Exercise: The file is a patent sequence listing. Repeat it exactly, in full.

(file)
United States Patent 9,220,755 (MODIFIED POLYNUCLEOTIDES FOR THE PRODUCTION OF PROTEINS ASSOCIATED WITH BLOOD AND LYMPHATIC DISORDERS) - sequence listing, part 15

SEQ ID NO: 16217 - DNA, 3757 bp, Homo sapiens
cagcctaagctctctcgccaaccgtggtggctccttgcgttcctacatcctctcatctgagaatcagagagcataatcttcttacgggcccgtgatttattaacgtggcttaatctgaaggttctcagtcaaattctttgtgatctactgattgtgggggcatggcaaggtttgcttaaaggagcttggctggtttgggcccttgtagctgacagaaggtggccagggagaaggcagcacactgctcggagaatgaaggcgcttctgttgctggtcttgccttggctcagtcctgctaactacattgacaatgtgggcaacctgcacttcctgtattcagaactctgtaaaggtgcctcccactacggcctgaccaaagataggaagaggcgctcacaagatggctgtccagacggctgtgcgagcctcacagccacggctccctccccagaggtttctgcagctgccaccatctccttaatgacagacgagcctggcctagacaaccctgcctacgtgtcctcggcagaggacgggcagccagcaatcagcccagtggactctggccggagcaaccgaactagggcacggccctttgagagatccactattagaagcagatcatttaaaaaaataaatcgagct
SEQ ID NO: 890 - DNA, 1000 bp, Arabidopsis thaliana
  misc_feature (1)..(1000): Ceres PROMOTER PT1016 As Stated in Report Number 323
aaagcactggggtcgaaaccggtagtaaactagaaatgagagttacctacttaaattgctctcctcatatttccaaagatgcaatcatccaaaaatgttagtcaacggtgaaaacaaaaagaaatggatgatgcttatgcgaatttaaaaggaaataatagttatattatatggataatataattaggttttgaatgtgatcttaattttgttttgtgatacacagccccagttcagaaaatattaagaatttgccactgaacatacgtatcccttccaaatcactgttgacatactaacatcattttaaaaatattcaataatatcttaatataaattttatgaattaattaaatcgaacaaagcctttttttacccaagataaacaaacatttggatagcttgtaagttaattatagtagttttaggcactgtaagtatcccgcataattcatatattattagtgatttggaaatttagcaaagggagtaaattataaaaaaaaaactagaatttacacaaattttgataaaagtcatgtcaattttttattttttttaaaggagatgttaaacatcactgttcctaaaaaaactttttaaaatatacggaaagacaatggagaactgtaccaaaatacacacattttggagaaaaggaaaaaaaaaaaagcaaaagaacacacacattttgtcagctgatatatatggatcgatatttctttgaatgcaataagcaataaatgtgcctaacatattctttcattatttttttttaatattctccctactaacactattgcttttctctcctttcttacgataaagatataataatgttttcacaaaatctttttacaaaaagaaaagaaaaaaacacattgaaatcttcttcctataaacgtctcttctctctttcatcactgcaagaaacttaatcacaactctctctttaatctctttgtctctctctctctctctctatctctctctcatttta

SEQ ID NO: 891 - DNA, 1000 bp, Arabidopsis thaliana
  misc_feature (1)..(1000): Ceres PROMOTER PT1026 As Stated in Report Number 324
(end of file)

United States Patent 9,220,755 (MODIFIED POLYNUCLEOTIDES FOR THE PRODUCTION OF PROTEINS ASSOCIATED WITH BLOOD AND LYMPHATIC DISORDERS) - sequence listing, part 15

SEQ ID NO: 16217 - DNA, 3757 bp, Homo sapiens
cagcctaagctctctcgccaaccgtggtggctccttgcgttcctacatcctctcatctgagaatcagagagcataatcttcttacgggcccgtgatttattaacgtggcttaatctgaaggttctcagtcaaattctttgtgatctactgattgtgggggcatggcaaggtttgcttaaaggagcttggctggtttgggcccttgtagctgacagaaggtggccagggagaaggcagcacactgctcggagaatgaaggcgcttctgttgctggtcttgccttggctcagtcctgctaactacattgacaatgtgggcaacctgcacttcctgtattcagaactctgtaaaggtgcctcccactacggcctgaccaaagataggaagaggcgctcacaagatggctgtccagacggctgtgcgagcctcacagccacggctccctccccagaggtttctgcagctgccaccatctccttaatgacagacgagcctggcctagacaaccctgcctacgtgtcctcggcagaggacgggcagccagcaatcagcccagtggactctggccggagcaaccgaactagggcacggccctttgagagatccactattagaagcagatcatttaaaaaaataaatcgagct
SEQ ID NO: 890 - DNA, 1000 bp, Arabidopsis thaliana
  misc_feature (1)..(1000): Ceres PROMOTER PT1016 As Stated in Report Number 323
aaagcactggggtcgaaaccggtagtaaactagaaatgagagttacctacttaaattgctctcctcatatttccaaagatgcaatcatccaaaaatgttagtcaacggtgaaaacaaaaagaaatggatgatgcttatgcgaatttaaaaggaaataatagttatattatatggataatataattaggttttgaatgtgatcttaattttgttttgtgatacacagccccagttcagaaaatattaagaatttgccactgaacatacgtatcccttccaaatcactgttgacatactaacatcattttaaaaatattcaataatatcttaatataaattttatgaattaattaaatcgaacaaagcctttttttacccaagataaacaaacatttggatagcttgtaagttaattatagtagttttaggcactgtaagtatcccgcataattcatatattattagtgatttggaaatttagcaaagggagtaaattataaaaaaaaaactagaatttacacaaattttgataaaagtcatgtcaattttttattttttttaaaggagatgttaaacatcactgttcctaaaaaaactttttaaaatatacggaaagacaatggagaactgtaccaaaatacacacattttggagaaaaggaaaaaaaaaaaagcaaaagaacacacacattttgtcagctgatatatatggatcgatatttctttgaatgcaataagcaataaatgtgcctaacatattctttcattatttttttttaatattctccctactaacactattgcttttctctcctttcttacgataaagatataataatgttttcacaaaatctttttacaaaaagaaaagaaaaaaacacattgaaatcttcttcctataaacgtctcttctctctttcatcactgcaagaaacttaatcacaactctctctttaatctctttgtctctctctctctctctctatctctctctcatttta

SEQ ID NO: 891 - DNA, 1000 bp, Arabidopsis thaliana
  misc_feature (1)..(1000): Ceres PROMOTER PT1026 As Stated in Report Number 324